Arrests, disappearances, custodial killings, and media gag: The United Nations High Commissioner for Human Rights, Michelle Bachelet, also, has repeatedly voiced concern about human rights violations in Jammu and Kashmir. Abuse of authority by Indian forces continued unabated with `new arrests, torture, besides harsh counterterrorism and sedition laws to clamp down on peaceful critics. On June 29, 2020, the authorities accused Mubeen Shah, a businessman, of sedition after he criticized the government for attempting to alter the Muslim-majority demographic status of Jammu and Kashmir by lifting residency restrictions. `The government announced a new media policy in Jammu and Kashmir that empowers the authorities to decide what is “fake news, plagiarism and unethical or anti-national activities” and to take punitive action against media outlets, journalists, and editors. The policy contains vague and overbroad provisions that are open to abuse and could unnecessarily restrict and penalize legally protected speech. International law provides that restrictions on freedom of expression must be necessary for a legitimate purpose, such as the protection of national security, public health, or the rights of others, and strictly proportionate to achieve that end. In April, the police opened criminal investigations against Gowher Geelani and Peerzada Ashiq, both journalists, and Masrat Zahra, a photojournalist, contending that their social media posts or reporting were “anti-national. On July 31, editor Qazi Shibli, previously held under the Public Safety Act, was questioned and detained’.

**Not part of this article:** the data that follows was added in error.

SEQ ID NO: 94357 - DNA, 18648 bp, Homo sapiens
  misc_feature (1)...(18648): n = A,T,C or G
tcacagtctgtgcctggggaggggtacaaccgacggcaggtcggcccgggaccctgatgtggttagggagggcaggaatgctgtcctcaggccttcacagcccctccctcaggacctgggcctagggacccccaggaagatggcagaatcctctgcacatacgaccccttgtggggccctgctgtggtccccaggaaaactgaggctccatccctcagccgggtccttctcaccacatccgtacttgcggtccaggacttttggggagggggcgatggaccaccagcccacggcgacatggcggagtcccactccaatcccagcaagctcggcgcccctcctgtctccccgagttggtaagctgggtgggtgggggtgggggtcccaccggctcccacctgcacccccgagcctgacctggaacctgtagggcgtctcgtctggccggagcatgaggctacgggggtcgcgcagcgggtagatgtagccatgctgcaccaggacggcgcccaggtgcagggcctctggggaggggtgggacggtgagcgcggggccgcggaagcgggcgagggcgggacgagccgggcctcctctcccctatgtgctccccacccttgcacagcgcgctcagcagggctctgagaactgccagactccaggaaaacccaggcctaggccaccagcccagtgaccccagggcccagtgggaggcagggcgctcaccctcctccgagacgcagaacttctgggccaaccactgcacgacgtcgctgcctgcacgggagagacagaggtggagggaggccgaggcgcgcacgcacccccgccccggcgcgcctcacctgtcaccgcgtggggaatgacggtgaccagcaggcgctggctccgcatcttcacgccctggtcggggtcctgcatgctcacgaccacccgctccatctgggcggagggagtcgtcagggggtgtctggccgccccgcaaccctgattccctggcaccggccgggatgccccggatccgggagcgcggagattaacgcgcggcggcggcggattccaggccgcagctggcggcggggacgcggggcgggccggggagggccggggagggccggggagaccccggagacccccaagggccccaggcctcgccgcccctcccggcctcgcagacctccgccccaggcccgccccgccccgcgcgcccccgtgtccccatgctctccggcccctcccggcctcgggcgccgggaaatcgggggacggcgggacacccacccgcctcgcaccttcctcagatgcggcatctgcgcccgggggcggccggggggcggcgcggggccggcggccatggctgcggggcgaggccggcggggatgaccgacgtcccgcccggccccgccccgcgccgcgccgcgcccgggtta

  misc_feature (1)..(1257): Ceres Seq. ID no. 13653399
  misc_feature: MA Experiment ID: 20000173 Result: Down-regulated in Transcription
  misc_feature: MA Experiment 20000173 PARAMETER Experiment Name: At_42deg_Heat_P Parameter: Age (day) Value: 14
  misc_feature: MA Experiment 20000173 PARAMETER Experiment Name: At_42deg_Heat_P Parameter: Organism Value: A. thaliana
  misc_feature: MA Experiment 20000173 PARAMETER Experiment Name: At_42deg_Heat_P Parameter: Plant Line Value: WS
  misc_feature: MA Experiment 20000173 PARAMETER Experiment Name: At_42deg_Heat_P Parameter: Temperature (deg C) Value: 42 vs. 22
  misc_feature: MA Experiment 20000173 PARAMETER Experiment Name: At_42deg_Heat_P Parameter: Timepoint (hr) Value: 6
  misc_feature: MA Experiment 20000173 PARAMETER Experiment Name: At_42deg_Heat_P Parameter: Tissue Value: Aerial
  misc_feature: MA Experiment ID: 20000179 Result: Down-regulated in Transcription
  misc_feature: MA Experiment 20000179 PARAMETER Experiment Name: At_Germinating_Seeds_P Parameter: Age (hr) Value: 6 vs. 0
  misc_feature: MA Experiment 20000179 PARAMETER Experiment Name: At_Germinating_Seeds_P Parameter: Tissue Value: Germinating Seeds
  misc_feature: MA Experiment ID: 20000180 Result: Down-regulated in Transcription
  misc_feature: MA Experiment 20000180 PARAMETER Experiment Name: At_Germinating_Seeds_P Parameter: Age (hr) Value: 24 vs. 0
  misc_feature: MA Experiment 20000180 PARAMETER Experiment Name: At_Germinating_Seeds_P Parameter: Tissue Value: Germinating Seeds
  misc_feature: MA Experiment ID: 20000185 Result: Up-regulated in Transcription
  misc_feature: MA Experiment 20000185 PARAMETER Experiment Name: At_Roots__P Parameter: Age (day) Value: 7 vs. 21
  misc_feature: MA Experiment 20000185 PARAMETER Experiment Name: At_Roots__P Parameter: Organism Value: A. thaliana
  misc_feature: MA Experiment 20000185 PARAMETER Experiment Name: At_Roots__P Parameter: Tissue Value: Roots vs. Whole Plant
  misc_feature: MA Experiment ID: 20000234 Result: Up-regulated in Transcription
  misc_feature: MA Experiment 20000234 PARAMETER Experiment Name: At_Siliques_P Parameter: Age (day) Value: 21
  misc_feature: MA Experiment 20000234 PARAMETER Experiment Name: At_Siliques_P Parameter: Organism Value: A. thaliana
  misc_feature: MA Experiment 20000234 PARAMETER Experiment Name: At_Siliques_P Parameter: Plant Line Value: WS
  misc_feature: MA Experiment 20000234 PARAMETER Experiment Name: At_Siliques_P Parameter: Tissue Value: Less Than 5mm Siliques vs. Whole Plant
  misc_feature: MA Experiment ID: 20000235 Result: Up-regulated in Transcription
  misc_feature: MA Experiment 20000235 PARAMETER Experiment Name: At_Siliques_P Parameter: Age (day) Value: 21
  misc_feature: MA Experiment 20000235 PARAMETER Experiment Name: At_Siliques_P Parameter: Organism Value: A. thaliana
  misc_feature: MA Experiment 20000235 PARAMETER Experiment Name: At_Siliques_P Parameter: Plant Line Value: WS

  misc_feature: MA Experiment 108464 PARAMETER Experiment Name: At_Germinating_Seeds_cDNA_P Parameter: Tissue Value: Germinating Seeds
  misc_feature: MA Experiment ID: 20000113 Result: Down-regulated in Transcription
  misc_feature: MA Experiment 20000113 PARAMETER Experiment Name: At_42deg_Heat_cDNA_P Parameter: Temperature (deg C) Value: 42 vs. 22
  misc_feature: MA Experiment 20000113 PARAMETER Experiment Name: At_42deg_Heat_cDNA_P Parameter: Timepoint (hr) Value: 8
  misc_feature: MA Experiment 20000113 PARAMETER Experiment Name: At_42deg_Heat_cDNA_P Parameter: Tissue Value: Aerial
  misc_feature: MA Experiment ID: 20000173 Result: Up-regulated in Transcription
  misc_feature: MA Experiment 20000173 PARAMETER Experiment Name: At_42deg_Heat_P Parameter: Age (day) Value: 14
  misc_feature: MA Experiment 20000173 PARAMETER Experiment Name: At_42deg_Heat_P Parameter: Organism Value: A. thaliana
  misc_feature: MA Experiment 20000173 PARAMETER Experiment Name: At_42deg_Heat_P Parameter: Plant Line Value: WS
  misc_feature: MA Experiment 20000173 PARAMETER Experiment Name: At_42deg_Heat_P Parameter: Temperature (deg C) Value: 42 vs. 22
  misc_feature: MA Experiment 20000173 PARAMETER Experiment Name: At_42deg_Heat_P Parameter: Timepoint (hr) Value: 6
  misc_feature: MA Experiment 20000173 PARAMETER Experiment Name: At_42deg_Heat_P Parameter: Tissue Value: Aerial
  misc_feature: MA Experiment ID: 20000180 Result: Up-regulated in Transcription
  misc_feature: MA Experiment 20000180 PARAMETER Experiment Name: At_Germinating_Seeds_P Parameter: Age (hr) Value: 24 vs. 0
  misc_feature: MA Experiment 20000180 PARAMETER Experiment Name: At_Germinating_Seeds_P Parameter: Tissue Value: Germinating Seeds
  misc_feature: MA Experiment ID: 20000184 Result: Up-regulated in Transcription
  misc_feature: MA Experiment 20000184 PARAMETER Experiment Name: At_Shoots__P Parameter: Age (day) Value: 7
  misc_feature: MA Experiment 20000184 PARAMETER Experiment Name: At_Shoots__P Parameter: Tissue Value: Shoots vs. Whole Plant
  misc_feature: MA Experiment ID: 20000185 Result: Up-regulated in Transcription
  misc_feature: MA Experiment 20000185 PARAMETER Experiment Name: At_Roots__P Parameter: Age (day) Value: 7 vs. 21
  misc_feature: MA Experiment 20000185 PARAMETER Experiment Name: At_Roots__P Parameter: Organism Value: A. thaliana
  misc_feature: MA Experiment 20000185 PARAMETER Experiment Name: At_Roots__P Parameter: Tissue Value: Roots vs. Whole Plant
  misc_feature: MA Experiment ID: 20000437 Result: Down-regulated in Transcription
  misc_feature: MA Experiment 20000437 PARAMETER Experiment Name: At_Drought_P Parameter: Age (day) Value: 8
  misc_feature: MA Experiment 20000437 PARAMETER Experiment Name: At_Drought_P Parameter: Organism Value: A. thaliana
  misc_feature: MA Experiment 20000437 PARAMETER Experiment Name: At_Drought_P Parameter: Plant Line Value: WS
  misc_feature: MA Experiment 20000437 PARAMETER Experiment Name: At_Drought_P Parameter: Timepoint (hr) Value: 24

The HRW that the tourism-dependent economy had suffered the business loss of over US $2.4 billion, according to the Kashmir Chamber of Commerce and Industries. But no relief was provided. Losses have nearly doubled since the government imposed further restrictions to contain protests.

Other voices:

At least nine UN rapporteurs also called upon New Delhi to reconsider the closure of the State Human Rights Commission (SHRC) in the disputed region. Their letter states, `We urge [India]…and local authorities in IIOJK to undertake prompt, thorough and impartial investigations into all alleged enforced disappearances…and take measures to identify the remains in each of the thousands of unmarked graves’.